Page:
A Quick Guide to SNAP Eligibility and Benefits
November 1, 2019
Most families and individuals who meet the program’s income guidelines are eligible for the Supplemental Nutrition Assistance Program (SNAP, formerly the Food Stamp Program). The size of a family’s SNAP benefit is based on its income and certain expenses. This paper provides a short summary of SNAP eligibility and benefit calculation rules.
How to Find Out if You Can Get Help From SNAP
If you would like help from SNAP, contact your local human services office. The staff there will work with you to find out if you qualify.
Notes: SNAP is often referred to by its former name, the Food Stamp Program. Your state may use a different name.
SNAP has special rules following natural disasters.
- Gross monthly income — that is, household income before any of the program’s deductions are applied — generally must be at or below 130 percent of the poverty line. For a family of three, the poverty line used to calculate SNAP benefits in federal fiscal year 2020 is $1,778 a month. Thus, 130 percent of the poverty line for a three-person family is $2,311 a month, or about $27,700 a year. The poverty level is higher for bigger families and lower for smaller families.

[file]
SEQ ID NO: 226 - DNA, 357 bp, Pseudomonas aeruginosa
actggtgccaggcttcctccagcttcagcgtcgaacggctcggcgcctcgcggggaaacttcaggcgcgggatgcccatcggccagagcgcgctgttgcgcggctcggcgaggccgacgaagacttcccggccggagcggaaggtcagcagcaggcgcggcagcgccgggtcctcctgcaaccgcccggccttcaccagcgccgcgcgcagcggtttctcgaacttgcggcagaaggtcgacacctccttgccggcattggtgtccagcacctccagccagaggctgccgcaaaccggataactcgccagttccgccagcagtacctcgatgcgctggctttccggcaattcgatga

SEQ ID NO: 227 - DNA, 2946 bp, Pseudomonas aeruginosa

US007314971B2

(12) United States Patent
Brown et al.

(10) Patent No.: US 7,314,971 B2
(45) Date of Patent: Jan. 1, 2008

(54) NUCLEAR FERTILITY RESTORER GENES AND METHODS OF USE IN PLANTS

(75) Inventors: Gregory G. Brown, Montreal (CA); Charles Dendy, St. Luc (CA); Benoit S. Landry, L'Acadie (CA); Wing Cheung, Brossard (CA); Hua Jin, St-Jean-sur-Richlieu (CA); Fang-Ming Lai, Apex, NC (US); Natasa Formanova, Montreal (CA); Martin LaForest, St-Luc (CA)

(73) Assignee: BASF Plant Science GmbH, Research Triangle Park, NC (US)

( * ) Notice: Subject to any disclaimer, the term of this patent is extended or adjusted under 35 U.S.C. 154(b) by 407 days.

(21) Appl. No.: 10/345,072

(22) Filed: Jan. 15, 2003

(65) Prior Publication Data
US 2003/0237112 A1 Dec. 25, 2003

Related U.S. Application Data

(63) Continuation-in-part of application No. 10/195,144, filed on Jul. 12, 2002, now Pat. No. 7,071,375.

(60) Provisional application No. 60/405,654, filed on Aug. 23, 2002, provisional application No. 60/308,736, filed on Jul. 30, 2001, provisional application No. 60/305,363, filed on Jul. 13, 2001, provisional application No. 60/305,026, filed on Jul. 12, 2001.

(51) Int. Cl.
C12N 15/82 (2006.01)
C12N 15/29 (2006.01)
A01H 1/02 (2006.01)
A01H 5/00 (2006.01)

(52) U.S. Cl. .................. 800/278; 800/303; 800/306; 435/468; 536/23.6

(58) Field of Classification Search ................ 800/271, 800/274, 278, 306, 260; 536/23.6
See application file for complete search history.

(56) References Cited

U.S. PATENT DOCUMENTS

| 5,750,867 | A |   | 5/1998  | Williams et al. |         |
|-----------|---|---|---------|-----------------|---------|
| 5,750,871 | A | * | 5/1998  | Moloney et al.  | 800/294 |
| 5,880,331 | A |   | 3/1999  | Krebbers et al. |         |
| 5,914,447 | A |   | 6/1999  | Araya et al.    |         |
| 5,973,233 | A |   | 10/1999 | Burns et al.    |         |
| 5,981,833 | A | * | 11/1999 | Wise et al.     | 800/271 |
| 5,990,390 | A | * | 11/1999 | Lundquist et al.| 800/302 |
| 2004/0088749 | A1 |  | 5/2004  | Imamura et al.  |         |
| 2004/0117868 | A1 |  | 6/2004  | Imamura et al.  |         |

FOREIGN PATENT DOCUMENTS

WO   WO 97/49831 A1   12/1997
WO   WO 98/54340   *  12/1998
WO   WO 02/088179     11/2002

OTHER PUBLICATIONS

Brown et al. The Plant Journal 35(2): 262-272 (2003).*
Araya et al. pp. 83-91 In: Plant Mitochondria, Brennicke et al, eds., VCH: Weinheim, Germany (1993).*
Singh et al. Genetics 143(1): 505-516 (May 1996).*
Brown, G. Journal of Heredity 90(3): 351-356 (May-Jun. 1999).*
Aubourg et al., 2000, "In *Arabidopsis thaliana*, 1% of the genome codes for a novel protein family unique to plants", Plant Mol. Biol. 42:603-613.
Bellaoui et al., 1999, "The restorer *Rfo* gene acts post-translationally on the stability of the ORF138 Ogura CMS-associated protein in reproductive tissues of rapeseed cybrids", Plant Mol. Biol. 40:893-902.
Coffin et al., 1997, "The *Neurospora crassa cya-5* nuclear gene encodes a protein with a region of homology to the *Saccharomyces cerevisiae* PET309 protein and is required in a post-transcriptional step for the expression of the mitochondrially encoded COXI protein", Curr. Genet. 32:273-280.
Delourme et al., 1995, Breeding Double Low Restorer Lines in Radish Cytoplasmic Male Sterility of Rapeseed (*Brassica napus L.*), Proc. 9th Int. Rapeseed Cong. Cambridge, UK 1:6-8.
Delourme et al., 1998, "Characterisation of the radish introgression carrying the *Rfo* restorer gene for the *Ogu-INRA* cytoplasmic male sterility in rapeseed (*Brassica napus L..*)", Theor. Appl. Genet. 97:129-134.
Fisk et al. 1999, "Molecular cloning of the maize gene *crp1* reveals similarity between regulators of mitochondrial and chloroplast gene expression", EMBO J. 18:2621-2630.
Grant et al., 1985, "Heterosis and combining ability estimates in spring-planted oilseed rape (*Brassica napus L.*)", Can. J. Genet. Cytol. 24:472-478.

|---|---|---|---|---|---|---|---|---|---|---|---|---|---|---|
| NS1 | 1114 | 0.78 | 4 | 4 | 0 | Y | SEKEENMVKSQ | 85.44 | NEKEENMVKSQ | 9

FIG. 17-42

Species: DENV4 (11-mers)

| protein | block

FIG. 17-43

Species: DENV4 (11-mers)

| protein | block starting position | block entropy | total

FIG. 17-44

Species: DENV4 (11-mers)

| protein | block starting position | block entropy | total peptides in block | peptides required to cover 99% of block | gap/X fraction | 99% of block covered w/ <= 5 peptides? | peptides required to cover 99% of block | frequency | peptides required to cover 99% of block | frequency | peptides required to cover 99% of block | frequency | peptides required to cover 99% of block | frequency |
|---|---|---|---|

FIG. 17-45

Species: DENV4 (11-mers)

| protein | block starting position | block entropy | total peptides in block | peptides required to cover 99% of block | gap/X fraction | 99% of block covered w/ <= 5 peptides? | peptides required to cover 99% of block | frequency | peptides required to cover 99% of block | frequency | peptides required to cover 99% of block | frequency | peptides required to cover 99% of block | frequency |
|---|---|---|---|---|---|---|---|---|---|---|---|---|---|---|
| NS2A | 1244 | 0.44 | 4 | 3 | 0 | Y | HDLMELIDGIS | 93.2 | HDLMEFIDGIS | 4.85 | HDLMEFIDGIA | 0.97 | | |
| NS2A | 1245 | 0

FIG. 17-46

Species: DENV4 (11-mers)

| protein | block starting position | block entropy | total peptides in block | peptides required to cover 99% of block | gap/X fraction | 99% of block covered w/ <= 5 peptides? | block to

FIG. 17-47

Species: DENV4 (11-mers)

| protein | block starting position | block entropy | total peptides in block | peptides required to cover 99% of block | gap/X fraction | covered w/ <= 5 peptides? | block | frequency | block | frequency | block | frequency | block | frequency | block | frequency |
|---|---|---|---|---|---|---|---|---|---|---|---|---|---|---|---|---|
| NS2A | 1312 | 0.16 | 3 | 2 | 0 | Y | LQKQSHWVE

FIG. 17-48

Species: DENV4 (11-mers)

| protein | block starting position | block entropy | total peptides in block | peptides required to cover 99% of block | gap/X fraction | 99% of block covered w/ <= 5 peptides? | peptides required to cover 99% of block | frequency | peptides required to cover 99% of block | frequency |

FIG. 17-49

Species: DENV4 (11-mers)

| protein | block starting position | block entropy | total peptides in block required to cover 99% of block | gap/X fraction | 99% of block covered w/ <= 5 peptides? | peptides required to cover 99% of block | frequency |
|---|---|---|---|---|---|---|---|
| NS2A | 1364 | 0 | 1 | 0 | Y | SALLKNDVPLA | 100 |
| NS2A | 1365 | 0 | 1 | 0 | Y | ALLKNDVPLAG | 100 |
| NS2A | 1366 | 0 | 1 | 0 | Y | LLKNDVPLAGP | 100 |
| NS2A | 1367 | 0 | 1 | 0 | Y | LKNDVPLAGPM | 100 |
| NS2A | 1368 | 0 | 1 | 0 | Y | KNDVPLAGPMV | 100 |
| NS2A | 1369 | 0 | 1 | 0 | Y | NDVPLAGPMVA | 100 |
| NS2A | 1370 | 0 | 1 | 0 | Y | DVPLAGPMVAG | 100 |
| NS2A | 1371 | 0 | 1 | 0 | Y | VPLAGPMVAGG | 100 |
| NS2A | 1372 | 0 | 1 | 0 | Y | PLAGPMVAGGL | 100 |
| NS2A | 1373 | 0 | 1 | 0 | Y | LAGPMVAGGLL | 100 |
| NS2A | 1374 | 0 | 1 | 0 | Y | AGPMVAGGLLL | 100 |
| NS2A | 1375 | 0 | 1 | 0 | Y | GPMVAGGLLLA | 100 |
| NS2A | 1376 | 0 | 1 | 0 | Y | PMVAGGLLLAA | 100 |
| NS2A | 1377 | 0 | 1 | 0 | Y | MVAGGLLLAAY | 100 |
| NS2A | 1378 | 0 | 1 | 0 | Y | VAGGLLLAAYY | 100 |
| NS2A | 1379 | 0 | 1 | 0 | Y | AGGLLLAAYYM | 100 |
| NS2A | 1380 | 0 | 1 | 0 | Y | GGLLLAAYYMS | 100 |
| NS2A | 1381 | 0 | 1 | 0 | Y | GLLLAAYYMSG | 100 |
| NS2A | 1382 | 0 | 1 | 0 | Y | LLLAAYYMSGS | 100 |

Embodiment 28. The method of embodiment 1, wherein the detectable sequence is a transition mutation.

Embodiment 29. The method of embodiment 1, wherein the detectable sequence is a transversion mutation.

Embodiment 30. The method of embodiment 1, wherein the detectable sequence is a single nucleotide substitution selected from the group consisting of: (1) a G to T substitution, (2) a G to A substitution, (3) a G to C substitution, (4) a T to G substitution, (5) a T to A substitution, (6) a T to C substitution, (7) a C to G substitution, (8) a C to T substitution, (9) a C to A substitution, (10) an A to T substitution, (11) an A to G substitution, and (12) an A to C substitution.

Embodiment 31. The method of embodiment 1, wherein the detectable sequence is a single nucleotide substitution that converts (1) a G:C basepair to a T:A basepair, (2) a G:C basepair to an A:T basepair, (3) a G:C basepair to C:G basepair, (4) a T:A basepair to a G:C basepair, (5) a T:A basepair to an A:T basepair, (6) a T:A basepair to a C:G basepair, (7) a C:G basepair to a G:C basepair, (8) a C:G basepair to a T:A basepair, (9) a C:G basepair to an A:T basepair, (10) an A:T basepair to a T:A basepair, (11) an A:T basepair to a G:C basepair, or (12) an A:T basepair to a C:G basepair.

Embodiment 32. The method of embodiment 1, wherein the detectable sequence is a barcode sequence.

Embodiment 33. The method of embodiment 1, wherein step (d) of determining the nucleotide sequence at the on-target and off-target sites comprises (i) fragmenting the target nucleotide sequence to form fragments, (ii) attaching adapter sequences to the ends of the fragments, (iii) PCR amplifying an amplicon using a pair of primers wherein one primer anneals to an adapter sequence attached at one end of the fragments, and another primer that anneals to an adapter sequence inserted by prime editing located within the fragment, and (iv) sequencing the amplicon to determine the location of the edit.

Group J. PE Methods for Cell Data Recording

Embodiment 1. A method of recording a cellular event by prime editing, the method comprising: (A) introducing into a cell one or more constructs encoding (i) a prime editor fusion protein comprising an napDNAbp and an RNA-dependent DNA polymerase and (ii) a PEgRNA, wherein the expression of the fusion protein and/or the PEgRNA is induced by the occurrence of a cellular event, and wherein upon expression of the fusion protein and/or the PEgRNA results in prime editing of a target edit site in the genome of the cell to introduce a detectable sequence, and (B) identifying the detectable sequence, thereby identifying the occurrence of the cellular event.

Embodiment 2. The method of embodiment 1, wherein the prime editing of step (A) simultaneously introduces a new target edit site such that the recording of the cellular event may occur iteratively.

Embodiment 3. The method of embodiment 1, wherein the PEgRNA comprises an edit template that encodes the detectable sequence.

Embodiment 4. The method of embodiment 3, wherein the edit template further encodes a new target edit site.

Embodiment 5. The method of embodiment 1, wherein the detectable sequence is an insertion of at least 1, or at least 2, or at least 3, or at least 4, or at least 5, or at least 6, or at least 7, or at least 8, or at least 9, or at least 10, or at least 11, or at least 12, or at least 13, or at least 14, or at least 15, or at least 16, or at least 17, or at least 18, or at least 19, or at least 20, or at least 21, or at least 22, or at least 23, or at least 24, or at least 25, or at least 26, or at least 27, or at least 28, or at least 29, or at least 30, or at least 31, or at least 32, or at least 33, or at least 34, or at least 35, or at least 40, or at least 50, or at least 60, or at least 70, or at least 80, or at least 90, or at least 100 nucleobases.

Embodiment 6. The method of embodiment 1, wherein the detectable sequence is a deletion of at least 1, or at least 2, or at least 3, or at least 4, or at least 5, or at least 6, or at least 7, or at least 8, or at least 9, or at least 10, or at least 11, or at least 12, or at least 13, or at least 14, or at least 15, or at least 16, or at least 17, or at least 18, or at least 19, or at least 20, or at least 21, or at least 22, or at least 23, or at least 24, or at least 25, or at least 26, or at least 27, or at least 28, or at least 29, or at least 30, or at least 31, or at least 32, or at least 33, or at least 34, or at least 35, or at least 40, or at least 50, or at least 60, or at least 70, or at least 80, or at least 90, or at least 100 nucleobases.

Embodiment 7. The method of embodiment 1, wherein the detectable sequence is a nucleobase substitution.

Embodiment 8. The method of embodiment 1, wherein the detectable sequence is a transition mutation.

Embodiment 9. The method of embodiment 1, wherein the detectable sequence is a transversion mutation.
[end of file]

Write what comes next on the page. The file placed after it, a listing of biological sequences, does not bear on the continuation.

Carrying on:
- Net income, or household income after deductions are applied, must be at or below the poverty line.
- Assets must fall below certain limits: households without a member who is elderly or has a disability must have assets of $2,250 or less, and households with such a member must have assets of $3,500 or less.
What counts as income? SNAP counts cash income from all sources, including earned income (before payroll taxes are deducted) and unearned income, such as cash assistance, Social Security, unemployment insurance, and child support.
What counts as an asset? Generally, resources that could be available to the household to purchase food, such as amounts in bank accounts, count as assets. Items that are not accessible, such as the household’s home, personal property, and retirement savings, do not count. Most automobiles do not count. States have the option to relax the asset limits, and many have done so.
The Three-Month Time Limit
Many adults without dependents need to meet certain requirements to remain eligible for SNAP